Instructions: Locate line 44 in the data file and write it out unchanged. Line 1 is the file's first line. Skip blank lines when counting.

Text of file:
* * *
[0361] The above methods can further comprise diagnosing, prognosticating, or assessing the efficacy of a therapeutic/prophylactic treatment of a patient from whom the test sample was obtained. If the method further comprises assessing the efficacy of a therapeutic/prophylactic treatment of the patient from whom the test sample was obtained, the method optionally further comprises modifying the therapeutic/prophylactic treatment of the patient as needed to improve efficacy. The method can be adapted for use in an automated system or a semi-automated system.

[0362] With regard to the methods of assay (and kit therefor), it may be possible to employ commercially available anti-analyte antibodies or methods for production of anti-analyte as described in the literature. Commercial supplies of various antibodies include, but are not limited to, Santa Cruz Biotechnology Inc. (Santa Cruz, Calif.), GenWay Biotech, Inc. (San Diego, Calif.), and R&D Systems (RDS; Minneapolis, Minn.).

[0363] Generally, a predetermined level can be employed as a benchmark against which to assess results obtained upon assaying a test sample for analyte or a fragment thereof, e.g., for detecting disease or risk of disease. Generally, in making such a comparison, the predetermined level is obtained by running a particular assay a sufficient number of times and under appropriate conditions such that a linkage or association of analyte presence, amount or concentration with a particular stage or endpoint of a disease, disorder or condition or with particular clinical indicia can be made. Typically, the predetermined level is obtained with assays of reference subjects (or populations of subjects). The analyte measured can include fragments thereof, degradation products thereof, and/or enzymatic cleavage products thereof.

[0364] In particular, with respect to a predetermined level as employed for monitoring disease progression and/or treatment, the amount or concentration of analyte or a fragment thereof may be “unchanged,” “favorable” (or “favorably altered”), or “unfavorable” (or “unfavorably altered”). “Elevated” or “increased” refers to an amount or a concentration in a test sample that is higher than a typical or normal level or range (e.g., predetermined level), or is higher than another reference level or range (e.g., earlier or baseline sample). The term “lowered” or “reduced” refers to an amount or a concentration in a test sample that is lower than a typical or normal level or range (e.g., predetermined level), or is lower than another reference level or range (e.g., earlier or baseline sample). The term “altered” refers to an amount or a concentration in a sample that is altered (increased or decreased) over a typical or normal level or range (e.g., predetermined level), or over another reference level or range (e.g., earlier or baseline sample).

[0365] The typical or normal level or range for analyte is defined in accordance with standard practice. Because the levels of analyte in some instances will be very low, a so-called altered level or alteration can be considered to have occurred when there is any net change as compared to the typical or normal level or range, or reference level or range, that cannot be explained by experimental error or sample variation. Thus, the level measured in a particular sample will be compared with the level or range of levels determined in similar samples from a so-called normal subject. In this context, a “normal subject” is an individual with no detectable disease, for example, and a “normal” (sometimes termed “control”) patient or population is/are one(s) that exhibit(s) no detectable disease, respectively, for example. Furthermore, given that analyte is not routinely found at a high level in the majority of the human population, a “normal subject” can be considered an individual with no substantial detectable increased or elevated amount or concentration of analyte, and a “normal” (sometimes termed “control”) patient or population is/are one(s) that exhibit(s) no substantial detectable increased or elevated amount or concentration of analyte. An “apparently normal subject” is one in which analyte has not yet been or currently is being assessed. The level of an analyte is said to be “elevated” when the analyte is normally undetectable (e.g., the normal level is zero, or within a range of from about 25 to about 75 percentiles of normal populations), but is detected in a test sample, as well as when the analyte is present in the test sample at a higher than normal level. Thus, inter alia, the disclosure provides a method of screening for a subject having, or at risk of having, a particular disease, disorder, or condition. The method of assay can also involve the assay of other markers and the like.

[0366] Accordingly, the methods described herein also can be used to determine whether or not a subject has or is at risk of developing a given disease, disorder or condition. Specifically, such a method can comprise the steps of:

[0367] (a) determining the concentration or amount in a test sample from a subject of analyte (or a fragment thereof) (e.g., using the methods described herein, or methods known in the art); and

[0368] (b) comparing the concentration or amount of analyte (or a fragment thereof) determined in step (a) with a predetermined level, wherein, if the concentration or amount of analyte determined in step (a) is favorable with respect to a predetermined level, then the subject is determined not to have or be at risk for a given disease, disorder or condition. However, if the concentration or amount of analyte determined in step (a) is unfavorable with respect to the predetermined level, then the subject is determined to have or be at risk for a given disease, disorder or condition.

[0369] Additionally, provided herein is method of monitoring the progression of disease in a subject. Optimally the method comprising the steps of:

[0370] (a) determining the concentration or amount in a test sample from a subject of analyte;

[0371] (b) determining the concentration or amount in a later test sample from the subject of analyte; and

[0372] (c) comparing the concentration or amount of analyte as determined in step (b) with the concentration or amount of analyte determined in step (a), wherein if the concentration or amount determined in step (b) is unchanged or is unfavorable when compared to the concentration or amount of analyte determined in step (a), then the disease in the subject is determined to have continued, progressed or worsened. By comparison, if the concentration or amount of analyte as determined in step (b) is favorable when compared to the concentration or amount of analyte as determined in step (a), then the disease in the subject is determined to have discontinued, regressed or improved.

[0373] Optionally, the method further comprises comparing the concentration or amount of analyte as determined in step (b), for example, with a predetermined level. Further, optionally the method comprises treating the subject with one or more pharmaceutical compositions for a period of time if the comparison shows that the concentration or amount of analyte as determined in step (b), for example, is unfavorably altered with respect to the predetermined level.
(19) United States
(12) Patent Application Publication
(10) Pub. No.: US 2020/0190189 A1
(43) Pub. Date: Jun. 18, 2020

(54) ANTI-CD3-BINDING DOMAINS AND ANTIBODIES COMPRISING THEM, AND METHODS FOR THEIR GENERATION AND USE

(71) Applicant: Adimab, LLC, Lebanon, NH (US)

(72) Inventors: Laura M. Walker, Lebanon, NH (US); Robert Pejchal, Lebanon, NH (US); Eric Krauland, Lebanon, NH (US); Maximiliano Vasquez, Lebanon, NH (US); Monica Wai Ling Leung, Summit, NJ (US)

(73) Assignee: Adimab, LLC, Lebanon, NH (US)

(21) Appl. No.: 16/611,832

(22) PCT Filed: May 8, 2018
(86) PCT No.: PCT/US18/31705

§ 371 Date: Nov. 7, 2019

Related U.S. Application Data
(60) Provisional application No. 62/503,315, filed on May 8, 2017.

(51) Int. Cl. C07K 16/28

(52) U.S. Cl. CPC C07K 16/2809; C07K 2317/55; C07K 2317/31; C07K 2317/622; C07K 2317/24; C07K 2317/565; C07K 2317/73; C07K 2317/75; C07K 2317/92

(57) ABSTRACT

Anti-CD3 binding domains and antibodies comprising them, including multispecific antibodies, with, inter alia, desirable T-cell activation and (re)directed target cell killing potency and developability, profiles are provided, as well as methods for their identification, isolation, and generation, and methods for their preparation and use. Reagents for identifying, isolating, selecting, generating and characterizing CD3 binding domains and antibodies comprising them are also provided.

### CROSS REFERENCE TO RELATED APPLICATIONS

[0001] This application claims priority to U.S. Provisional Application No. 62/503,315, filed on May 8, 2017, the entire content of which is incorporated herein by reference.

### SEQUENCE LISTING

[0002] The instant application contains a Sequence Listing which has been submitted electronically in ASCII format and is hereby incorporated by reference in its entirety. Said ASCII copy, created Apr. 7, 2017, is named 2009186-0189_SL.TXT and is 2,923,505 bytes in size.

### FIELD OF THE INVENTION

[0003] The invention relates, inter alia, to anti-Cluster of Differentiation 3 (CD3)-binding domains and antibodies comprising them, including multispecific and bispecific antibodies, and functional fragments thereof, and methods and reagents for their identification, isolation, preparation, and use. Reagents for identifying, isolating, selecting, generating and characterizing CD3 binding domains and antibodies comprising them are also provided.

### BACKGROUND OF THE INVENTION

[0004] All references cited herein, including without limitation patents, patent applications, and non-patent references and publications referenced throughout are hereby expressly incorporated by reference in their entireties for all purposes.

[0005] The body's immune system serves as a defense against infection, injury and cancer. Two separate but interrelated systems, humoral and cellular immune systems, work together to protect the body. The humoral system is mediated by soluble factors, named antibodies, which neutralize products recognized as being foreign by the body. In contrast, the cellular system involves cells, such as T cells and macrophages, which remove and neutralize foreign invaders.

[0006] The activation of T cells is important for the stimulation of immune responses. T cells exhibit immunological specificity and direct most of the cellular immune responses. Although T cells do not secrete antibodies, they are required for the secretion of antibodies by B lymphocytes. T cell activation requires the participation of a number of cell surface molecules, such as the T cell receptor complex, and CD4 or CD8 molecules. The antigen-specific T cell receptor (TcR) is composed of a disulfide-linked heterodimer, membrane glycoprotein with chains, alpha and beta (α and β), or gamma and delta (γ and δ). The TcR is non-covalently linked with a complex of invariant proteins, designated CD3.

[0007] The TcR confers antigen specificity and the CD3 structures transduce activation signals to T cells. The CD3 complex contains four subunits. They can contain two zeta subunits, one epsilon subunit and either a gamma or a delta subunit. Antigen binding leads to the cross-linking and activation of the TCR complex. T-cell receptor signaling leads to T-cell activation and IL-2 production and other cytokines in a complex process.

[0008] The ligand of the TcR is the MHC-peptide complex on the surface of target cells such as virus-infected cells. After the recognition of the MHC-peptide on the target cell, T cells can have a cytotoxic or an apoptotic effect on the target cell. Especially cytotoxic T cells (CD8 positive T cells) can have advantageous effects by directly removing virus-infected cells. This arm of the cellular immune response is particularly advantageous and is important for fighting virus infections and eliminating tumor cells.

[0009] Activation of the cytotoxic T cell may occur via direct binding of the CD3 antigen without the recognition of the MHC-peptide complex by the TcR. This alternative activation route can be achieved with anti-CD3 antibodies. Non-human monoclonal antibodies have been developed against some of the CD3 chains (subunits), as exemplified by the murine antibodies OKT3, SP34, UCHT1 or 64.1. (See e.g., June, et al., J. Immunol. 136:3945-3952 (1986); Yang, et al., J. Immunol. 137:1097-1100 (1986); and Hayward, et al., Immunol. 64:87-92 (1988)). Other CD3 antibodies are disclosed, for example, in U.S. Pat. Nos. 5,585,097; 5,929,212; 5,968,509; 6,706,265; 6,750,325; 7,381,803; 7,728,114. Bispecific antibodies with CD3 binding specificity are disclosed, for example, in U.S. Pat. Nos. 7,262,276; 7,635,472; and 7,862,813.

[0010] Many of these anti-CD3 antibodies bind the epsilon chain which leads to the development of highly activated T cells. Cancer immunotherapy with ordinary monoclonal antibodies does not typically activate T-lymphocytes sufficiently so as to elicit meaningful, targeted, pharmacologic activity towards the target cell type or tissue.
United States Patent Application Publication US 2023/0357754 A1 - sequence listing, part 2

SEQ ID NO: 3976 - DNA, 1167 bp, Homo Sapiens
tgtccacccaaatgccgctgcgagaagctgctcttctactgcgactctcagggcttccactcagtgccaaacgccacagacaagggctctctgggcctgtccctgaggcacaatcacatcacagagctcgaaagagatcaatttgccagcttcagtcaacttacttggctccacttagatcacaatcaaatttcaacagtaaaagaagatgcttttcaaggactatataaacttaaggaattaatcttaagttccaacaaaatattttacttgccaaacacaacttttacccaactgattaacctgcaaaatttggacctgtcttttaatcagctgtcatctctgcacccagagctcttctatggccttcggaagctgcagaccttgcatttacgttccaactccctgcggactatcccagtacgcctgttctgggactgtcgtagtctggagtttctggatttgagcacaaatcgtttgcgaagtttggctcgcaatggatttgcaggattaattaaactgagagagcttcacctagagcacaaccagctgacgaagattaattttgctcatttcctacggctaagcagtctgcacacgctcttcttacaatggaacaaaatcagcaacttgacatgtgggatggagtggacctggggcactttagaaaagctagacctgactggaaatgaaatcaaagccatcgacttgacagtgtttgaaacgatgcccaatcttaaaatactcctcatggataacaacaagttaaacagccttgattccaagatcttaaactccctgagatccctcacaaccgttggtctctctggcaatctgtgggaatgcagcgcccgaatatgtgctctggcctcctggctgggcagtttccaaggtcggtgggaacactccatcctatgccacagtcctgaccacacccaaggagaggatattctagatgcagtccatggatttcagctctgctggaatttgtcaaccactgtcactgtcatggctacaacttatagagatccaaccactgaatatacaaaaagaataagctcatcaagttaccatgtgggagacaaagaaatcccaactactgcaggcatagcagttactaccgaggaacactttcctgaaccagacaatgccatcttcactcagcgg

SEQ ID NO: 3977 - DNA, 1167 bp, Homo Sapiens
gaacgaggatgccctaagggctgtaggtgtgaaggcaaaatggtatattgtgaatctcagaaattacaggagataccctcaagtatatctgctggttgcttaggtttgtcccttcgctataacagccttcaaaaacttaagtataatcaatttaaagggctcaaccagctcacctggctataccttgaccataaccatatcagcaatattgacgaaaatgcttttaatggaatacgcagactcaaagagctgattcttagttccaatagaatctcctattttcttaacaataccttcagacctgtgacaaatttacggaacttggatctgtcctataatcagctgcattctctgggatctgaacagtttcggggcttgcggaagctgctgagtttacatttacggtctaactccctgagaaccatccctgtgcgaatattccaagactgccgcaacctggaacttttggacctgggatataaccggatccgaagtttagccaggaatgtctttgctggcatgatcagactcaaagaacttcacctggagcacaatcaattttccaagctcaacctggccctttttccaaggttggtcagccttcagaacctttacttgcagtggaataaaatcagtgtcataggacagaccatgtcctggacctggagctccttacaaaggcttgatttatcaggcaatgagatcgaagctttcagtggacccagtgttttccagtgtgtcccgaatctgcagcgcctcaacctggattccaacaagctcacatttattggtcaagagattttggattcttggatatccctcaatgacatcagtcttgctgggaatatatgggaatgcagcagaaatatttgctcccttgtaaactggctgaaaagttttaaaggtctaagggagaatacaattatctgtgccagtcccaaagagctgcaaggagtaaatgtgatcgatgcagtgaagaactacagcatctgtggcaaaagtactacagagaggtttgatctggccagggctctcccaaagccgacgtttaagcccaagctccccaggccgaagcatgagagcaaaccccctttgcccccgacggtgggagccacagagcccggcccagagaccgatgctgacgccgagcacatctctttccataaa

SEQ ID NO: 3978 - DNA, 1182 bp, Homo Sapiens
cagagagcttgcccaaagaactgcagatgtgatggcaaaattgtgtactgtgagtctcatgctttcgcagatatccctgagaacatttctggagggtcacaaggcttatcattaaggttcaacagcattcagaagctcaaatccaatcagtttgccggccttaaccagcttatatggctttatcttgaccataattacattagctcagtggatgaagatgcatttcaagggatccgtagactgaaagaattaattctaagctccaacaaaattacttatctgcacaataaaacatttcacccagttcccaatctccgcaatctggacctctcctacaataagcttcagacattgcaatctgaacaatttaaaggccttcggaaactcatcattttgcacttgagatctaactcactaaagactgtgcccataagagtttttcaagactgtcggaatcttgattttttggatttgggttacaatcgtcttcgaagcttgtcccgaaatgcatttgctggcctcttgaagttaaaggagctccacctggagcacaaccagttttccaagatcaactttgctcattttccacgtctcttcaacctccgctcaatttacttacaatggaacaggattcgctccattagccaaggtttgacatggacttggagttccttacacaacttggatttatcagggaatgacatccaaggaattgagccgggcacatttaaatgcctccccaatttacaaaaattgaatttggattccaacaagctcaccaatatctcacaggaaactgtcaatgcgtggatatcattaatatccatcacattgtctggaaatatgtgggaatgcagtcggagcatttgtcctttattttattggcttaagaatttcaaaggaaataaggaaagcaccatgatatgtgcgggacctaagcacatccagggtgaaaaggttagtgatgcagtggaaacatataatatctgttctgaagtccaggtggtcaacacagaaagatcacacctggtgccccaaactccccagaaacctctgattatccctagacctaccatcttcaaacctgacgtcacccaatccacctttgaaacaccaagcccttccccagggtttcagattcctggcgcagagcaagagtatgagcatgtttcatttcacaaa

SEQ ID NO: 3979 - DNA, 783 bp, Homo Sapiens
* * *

[0009] Activation of the cytotoxic T cell may occur via direct binding of the CD3 antigen without the recognition of the MHC-peptide complex by the TcR. This alternative activation route can be achieved with anti-CD3 antibodies. Non-human monoclonal antibodies have been developed against some of the CD3 chains (subunits), as exemplified by the murine antibodies OKT3, SP34, UCHT1 or 64.1. (See e.g., June, et al., J. Immunol. 136:3945-3952 (1986); Yang, et al., J. Immunol. 137:1097-1100 (1986); and Hayward, et al., Immunol. 64:87-92 (1988)). Other CD3 antibodies are disclosed, for example, in U.S. Pat. Nos. 5,585,097; 5,929,212; 5,968,509; 6,706,265; 6,750,325; 7,381,803; 7,728,114. Bispecific antibodies with CD3 binding specificity are disclosed, for example, in U.S. Pat. Nos. 7,262,276; 7,635,472; and 7,862,813.